Ardern’ed victory!

Few days ago Labor Party in New Zeland won outright parliamentary majority and in the process another term as Prime Minister for Jacinda Ardern ( ). The victory appears to be hard-earned (I prefer the similar sounding Ardern’ed) as the Ardern-led Government has had to deal with, in this term, a terrorist attack in Christchurch, a natural disaster when the White Island/Whakaari volcano erupted, and COVID-19 pandemic too.

Sound familiar to Northerners on the other side of Pacific?

It’s instructive how the NZ Government handled the terrorist attack and COVID-19 pandemic in their country. In the aftermath of the terrorist attack the Government first acknowledged a need for action and, within a short time, issued a ban on possession of semi-automatic weapons and assault rifles. The Government has also garnered praise for its handling of the COVID-19 cases and for success in measures taken to contain the spread. Obviously it has come with a price. Travel and tourism would have taken a big hit and the country is in recession now. For a country with ~ 5 million total population a major outbreak would have been a great setback. Yet, with good implementation of safety measures the country is back to as-close-to-normal-as-possible at this time. I do not follow NZ news regularly. Obviously terrorist attack points to existence of some individuals or fringe groups intent on creating racial/religious tension in society (which can be expected in any country). It’s the response to such tragedies that makes a big difference. Likewise COVID-19 related measures likely caused hardship to people while making the country safer. It’s also likely some mistakes were made and lessons learned in an evolving situation ( ). Going by the result of general election – a resounding majority for the incumbent, the people have approved the performance. That’s not to say everything must have been done perfect. The lesson to learn, in a functioning democracy, is that if the leaders share known facts people understand and are also more forgiving of honest mistakes made. No economy can survive being shut for a long time and it’s not easy to balance safety with minimal economic impact. It’s good to see transparency and sincerity still matter. Wish it could be replicated on a bigger scale by other countries too 🙏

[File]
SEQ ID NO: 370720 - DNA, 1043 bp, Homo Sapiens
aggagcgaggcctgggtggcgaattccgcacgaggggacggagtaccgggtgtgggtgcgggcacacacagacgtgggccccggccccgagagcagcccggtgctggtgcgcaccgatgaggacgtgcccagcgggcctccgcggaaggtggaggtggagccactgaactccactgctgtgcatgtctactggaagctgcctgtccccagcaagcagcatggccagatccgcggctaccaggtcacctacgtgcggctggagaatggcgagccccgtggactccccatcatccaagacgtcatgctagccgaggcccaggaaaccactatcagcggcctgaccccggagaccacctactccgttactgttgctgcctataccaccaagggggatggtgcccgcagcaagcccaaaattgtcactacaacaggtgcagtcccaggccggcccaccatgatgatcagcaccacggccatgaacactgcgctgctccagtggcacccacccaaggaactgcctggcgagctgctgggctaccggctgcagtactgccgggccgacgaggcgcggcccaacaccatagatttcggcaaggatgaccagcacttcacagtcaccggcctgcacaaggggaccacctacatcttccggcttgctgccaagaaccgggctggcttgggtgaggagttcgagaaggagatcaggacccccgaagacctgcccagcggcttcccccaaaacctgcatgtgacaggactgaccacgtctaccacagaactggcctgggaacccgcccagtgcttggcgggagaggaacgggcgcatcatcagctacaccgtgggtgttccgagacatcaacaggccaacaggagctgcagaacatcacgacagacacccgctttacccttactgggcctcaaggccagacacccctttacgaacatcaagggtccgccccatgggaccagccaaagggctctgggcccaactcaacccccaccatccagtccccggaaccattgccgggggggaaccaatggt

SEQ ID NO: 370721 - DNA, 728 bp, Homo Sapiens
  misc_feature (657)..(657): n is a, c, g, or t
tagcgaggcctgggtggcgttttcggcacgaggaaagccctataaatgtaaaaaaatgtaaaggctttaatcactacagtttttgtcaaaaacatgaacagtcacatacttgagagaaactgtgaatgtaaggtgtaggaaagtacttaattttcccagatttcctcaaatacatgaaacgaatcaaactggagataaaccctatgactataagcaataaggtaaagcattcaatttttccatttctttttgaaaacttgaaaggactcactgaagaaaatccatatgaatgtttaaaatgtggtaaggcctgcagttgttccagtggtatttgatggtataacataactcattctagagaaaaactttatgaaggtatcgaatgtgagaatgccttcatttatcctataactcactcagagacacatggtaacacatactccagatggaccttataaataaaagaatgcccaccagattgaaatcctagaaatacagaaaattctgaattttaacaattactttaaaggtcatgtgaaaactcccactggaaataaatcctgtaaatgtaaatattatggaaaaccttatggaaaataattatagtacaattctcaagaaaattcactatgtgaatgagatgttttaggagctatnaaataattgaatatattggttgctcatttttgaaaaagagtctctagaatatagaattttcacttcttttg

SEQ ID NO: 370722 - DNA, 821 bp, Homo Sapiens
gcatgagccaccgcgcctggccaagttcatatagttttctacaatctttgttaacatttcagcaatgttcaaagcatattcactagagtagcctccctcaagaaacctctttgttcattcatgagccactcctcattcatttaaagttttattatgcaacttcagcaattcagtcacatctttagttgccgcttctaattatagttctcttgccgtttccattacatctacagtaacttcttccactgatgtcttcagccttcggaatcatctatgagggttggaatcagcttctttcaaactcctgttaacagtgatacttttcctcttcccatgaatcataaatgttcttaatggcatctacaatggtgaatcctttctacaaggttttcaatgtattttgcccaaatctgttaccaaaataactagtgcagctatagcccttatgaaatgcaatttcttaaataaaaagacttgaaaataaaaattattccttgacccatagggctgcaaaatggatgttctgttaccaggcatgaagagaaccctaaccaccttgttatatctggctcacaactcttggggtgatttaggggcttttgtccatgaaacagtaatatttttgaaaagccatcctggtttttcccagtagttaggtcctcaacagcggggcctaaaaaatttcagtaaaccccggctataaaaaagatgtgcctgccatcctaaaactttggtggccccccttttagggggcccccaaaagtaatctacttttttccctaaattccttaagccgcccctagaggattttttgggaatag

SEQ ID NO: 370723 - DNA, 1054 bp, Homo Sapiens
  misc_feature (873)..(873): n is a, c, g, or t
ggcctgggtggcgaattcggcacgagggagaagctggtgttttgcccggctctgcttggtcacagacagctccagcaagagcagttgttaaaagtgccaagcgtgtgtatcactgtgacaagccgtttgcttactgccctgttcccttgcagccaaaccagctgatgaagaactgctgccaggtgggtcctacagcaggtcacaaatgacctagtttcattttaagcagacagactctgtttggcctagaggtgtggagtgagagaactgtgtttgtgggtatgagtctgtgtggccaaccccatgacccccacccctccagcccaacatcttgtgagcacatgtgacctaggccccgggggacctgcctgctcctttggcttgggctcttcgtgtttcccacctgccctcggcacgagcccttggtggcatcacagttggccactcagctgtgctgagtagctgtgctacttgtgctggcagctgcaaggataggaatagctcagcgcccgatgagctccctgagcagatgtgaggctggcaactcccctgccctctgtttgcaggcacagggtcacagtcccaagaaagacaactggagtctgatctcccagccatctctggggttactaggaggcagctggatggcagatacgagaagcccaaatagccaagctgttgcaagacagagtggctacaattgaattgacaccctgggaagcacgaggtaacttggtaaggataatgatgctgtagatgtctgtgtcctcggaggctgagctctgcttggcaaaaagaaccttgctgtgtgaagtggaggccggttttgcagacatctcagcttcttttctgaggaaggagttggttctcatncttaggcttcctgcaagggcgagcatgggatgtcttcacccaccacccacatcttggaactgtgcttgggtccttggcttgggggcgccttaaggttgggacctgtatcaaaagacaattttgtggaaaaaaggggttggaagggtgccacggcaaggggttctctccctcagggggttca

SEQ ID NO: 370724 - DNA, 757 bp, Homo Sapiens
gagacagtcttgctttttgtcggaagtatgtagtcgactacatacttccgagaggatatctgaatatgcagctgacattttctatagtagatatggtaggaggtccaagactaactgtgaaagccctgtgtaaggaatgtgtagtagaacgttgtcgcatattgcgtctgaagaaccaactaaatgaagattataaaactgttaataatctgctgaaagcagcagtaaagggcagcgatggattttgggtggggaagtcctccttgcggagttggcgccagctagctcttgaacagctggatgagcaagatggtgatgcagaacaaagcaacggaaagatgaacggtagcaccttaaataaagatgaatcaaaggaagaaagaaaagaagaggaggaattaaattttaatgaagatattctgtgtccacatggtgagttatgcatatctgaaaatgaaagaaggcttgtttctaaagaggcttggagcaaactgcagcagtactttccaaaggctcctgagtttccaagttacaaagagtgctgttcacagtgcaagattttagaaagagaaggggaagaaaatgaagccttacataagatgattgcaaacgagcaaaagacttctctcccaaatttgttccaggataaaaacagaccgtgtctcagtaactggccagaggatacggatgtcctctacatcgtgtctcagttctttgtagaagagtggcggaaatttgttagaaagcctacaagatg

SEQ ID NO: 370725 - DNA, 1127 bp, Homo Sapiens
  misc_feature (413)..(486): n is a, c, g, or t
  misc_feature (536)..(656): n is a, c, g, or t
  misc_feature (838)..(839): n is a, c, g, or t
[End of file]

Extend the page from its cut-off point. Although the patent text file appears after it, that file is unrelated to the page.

Fight against the pandemic

Few weeks ago read Dr Fauci interview where he described his daily routine during the coronavirus pandemic. He puts in like 20 hours/day all 7 days of the week. While that in itself is impressive, especially for a 79 year old person, and puts to shame many people much younger what impressed me most was him being able to squeeze in 4 hours of sleep each day! I dug deeper to find out how he makes that happen. He used to run 7 miles/day earlier. Now he has cut it down to 3.5 miles/day. Aha, the guy is slacking off! 😂
Jokes apart, his background makes for interesting reading. Raised in a religious family, service to others was instilled in him very early in his life 👍 Prior to attending medical school he studied the classics ( giving him a well rounded personality. Learned to listen to critical views during the HIV/AIDS epidemic bringing out the humility in him. Speaking truth to power and holding on to job is a big achievement in itself these days which he has been able to do 👏 Professionals like him may not get it right first always but give hope to ordinary citizens their heart is in the right place even as they let their scientific training guide their approach to work 🙏